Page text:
Last week has been pretty bad for the healthcare industry as it was involved in the following ransomware attacks.
RISE Wisconsin revealed recently that it was attacked on June 7 by a ransomware. More than 3500 patients’ data has been compromised. The data consisted of personal information like names and addresses as well as health related information including patient’s history and diseases.
It took RISE 24 hours to detect the ransomware and it then proceeded to shut down its systems. RISE has not acknowledged whether it paid any ransom or not though they have hired security analysts to remove ransomware.
Meanwhile a week earlier AFLAC also found out a breach and estimated the number of clients’ exposed as 10,000 while reporting to Office for Civil Rights (OCR). AFLAC believes that these clients might have been attacked when Microsoft Office 365 email accounts in the hands of third parties were hacked. Some data that was exposed was Protected Health Information (PHI) while some was Personally Identifiable Information (PII).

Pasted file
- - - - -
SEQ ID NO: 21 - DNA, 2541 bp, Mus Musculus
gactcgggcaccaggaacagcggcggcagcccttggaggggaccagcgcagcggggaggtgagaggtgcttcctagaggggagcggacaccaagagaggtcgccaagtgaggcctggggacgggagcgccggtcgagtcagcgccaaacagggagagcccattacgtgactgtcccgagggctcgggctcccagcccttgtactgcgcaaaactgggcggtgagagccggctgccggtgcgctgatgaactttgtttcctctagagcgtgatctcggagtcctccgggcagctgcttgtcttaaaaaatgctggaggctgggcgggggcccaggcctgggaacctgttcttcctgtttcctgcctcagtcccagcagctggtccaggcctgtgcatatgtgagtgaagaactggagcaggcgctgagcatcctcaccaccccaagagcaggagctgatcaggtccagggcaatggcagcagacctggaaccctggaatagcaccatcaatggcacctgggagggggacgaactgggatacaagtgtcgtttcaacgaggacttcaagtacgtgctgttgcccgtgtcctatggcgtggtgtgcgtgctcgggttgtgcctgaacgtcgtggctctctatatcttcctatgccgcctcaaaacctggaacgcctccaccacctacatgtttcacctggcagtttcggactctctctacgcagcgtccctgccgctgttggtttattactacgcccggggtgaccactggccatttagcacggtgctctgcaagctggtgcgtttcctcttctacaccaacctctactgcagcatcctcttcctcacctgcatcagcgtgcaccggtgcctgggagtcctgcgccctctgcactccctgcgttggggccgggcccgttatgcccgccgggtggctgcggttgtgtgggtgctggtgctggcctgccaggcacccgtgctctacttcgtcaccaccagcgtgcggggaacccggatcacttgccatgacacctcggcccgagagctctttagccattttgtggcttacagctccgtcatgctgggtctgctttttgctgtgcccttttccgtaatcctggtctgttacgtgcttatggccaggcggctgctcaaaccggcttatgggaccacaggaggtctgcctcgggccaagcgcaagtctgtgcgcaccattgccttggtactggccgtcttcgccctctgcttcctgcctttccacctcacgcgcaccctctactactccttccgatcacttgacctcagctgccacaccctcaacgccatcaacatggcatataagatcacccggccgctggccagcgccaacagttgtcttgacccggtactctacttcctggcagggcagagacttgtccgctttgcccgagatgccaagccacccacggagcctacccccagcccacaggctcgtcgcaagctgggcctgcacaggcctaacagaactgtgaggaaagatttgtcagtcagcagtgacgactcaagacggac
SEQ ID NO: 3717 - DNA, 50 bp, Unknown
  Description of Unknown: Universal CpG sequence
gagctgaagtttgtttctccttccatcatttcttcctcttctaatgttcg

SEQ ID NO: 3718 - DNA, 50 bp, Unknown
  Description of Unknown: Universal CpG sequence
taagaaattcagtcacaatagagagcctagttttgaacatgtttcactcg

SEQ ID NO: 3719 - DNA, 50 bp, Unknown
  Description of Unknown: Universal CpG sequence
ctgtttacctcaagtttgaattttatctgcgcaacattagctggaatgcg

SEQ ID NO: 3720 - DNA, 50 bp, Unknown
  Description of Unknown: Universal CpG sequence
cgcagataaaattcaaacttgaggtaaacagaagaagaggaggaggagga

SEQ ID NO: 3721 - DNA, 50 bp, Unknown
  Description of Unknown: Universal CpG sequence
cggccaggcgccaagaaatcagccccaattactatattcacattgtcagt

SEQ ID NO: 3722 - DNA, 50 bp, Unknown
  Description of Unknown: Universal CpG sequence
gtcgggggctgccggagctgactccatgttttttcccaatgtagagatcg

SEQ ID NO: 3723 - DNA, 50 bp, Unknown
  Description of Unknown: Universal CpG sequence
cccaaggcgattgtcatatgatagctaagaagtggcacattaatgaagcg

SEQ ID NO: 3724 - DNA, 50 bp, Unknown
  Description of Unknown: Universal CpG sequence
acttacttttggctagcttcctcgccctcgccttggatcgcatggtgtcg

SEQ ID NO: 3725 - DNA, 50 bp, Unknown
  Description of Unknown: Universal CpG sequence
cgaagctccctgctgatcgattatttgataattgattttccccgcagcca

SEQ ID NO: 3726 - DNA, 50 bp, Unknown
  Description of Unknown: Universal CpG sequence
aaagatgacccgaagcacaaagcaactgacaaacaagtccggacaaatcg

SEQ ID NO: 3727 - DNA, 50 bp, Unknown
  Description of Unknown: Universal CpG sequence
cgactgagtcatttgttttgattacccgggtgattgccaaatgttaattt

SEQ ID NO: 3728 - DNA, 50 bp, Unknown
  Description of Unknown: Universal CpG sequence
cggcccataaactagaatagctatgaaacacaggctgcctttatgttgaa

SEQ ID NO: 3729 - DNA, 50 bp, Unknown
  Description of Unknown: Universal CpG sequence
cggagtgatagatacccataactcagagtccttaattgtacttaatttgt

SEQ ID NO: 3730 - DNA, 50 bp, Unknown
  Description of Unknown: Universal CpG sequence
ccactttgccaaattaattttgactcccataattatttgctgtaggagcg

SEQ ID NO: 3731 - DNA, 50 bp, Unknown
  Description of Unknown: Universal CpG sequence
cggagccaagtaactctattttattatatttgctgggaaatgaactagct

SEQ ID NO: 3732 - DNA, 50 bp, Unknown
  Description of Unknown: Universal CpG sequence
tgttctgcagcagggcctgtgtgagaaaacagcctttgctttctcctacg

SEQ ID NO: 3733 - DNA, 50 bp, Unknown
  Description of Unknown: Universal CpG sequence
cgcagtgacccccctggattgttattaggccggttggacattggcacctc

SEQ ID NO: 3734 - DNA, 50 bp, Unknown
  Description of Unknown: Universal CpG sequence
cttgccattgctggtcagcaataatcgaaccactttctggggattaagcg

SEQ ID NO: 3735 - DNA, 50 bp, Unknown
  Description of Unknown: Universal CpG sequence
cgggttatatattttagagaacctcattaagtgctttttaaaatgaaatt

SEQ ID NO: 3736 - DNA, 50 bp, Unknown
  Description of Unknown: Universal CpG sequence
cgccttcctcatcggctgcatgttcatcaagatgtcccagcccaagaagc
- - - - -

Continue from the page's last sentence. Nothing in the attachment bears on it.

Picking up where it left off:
AFLAC then moved towards implementing security measures in order to remove ransomware by the isolation of these email addresses and communicating to the affected third parties about the breach.
Michigan’s Health Equity
Moreover, Michigan’s Health Equity was also found out to be compromised and they revealed it on June 12. The attack was made possible by the hacking of an employee’s account through which the attacker was able to gain access to Protected Health Information.
Unlike the previous ransomware attacks, experts found out while ransomware removal that the data exposed was not related to patients. Instead it was related to employees of Health Equity as their employees’ names, Identity Document (ID), Social Security numbers and other data was exposed.
Moreover, it was found out while removing ransomware that the attack happened two months back on April 11 while Health Equity was able to detect it on April 13. One of the first steps taken by its security team during ransomware removal was to eliminate the account of that hacked employee and then the team began to check for the ramifications of the ransomware.